If you’re set on starting the new year with a fresh financial focus, honing in on your biggest savings opportunity could be the place to start.

For many Australians that’s their home loan. A mortgage in the hundreds of thousands of dollars is likely to be the largest debt most people have, which means even a small interest rate reduction could provide significant savings – particularly over the long term.

The thing is, plenty of mortgage holders are paying more than they need to on their home loan rate.

“A significant number of Australian home loan borrowers have not switched lenders for several years, yet they stand to save so much money by doing so,” said ACCC Chair, Rod Sims, in the wake of the consumer regulator’s home loan price enquiry released in December.

So, if this is the first time you’ve checked in on your home loan rate in recent years, you might be in for a surprise, because rates have shifted greatly and your own rate might not have kept up.

Difference in average^ owner occupier rates (January 2019 vs January 2021)

January 2019 January 2021 Change
Variable 4.35% 3.31% -104bp
1-year fixed 4.00% 2.38% -162bp
3-year fixed 4.03% 2.38% -165bp
5-year fixed 4.48% 2.68% -180bp

As the table above shows, the drop in the average variable and fixed home loan rates has been substantial, even in just two years.

So the big question is: has your own rate kept pace with these changes? If not, you’ll probably be curious as to how much you could potentially save by refinancing to a better deal.

How much could you save with a lower rate?

To showcase the potential savings on offer for refinancers, here’s a scenario using owner occupier borrowers Mya and Ken. The couple currently have an outstanding mortgage of $400,000 and a variable rate of 3.31% (the Mozo average) which they’re planning to pay off by making principal and interest repayments over 20 years.

At that rate – according to our home loan repayments calculator – Mya and Ken would need to make monthly repayments of $2,281, and over the life of the loan they would end up paying $147,434 in interest alone.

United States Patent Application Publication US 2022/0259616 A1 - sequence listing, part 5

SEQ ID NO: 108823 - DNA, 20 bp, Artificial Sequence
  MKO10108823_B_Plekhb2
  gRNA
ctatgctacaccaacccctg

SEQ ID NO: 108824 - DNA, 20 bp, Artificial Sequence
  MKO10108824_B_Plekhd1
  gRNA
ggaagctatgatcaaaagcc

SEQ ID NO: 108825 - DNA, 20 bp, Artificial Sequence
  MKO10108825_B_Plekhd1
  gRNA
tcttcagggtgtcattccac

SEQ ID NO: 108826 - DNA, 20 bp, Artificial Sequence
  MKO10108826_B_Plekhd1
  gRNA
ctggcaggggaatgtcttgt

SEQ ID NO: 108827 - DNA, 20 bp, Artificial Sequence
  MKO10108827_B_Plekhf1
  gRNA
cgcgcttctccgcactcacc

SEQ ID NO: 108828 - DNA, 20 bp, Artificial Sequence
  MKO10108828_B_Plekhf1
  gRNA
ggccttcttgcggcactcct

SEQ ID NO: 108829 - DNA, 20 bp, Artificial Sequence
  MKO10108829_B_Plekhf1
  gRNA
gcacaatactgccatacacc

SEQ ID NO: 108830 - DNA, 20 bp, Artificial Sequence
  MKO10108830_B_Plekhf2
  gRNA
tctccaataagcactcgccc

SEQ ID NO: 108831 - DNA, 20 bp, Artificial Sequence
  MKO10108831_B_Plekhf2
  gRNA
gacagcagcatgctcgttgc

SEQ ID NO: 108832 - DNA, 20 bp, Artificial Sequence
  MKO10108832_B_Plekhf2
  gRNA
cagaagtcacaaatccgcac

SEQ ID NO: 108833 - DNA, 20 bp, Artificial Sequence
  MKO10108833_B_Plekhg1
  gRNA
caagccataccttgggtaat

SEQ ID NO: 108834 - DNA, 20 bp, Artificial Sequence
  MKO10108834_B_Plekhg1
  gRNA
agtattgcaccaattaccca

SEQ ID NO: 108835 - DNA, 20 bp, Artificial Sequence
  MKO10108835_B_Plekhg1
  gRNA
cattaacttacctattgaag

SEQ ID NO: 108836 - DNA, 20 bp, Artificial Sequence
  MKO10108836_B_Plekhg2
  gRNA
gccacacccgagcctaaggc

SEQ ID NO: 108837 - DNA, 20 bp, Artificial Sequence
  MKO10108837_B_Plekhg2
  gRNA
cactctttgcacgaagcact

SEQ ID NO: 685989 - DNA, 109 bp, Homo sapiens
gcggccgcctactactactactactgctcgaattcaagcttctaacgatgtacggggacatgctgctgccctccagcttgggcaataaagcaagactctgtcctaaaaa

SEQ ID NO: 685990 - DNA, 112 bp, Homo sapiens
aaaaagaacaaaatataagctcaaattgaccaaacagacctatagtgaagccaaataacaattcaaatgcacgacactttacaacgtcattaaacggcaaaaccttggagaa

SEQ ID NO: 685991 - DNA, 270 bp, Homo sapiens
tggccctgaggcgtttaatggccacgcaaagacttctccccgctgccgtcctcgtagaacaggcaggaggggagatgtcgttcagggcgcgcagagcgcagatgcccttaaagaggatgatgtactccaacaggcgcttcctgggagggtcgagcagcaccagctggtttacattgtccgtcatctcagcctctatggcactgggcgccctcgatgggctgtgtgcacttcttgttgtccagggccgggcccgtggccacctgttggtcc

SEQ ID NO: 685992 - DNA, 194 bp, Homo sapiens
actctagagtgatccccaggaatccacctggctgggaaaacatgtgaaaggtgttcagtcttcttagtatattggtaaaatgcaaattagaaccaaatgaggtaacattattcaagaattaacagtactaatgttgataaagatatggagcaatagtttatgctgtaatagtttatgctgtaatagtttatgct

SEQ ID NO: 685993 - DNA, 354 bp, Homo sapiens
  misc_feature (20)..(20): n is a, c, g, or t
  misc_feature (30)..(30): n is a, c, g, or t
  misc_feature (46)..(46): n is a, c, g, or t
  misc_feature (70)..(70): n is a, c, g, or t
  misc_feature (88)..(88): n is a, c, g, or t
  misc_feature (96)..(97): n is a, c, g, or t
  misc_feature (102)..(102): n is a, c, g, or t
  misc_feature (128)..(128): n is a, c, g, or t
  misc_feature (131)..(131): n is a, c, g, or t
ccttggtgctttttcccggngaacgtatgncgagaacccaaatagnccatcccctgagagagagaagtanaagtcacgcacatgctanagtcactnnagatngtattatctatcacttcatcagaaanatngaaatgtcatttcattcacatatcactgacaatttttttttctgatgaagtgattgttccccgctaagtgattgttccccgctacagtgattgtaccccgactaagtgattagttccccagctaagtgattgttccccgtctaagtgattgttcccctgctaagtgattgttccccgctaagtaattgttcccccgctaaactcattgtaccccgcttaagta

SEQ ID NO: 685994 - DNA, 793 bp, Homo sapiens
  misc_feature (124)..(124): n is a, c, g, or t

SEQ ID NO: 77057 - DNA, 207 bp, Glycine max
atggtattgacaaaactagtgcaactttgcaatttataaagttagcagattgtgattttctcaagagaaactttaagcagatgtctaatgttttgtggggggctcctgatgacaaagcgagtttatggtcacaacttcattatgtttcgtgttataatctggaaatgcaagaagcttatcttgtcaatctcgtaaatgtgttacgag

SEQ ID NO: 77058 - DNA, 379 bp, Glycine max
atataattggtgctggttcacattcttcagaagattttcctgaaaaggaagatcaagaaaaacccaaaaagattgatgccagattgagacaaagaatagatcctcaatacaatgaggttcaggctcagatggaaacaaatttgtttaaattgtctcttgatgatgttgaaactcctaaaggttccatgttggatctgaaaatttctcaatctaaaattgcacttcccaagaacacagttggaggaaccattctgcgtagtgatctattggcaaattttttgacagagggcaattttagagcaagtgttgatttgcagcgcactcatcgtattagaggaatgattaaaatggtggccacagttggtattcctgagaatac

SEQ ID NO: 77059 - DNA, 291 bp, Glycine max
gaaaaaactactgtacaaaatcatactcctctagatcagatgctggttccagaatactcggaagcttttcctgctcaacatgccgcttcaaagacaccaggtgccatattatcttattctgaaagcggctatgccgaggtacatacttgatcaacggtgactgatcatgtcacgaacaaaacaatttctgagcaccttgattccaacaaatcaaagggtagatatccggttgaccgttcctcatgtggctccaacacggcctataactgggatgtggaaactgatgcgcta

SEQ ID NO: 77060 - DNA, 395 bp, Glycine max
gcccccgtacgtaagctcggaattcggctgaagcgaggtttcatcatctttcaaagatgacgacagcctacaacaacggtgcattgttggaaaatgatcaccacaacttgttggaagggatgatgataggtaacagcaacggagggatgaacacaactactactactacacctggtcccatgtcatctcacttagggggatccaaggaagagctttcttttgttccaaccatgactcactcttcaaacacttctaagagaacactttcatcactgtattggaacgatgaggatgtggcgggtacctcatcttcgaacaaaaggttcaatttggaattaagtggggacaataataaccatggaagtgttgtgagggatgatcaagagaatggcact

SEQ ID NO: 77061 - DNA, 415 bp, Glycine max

However, here’s what those numbers would look like if the pair were able to refinance their home loan to a variable rate of 2.50% – a rate which is low, but by no means the lowest in our database at present:

  • Their monthly repayments would drop to $2,120 which is $161/month less
  • The amount of interest they would pay over 20 years would fall to $108,707 which is $38,727 less
  • Assuming they were able to refinance in the next few weeks, Mya and Ken would be able to save over $1,700 in monthly repayments in 2021 alone

That’s a significant difference, even in the short term.

Of course, refinancing won’t be the right move for every mortgage holder. Some borrowers will already be on a competitive interest rate, while others may be unable to refinance because of their financial situation – so called ‘mortgage prisoners’.

There are also additional costs to weigh up against the potential savings on offer from refinancing, including any discharge or break cost fees from your existing lender, or new fees that you’ll be charged by a new lender.

RELATED: Switching from a variable rate to a fixed rate: What should you know?

If you are interested in refinancing, get started by plugging in a few numbers from your current home loan to our switch and save calculator, or compare rates on loans from over 80 different lenders yourself by heading over to the Mozo home loan comparison hub.



Source Google News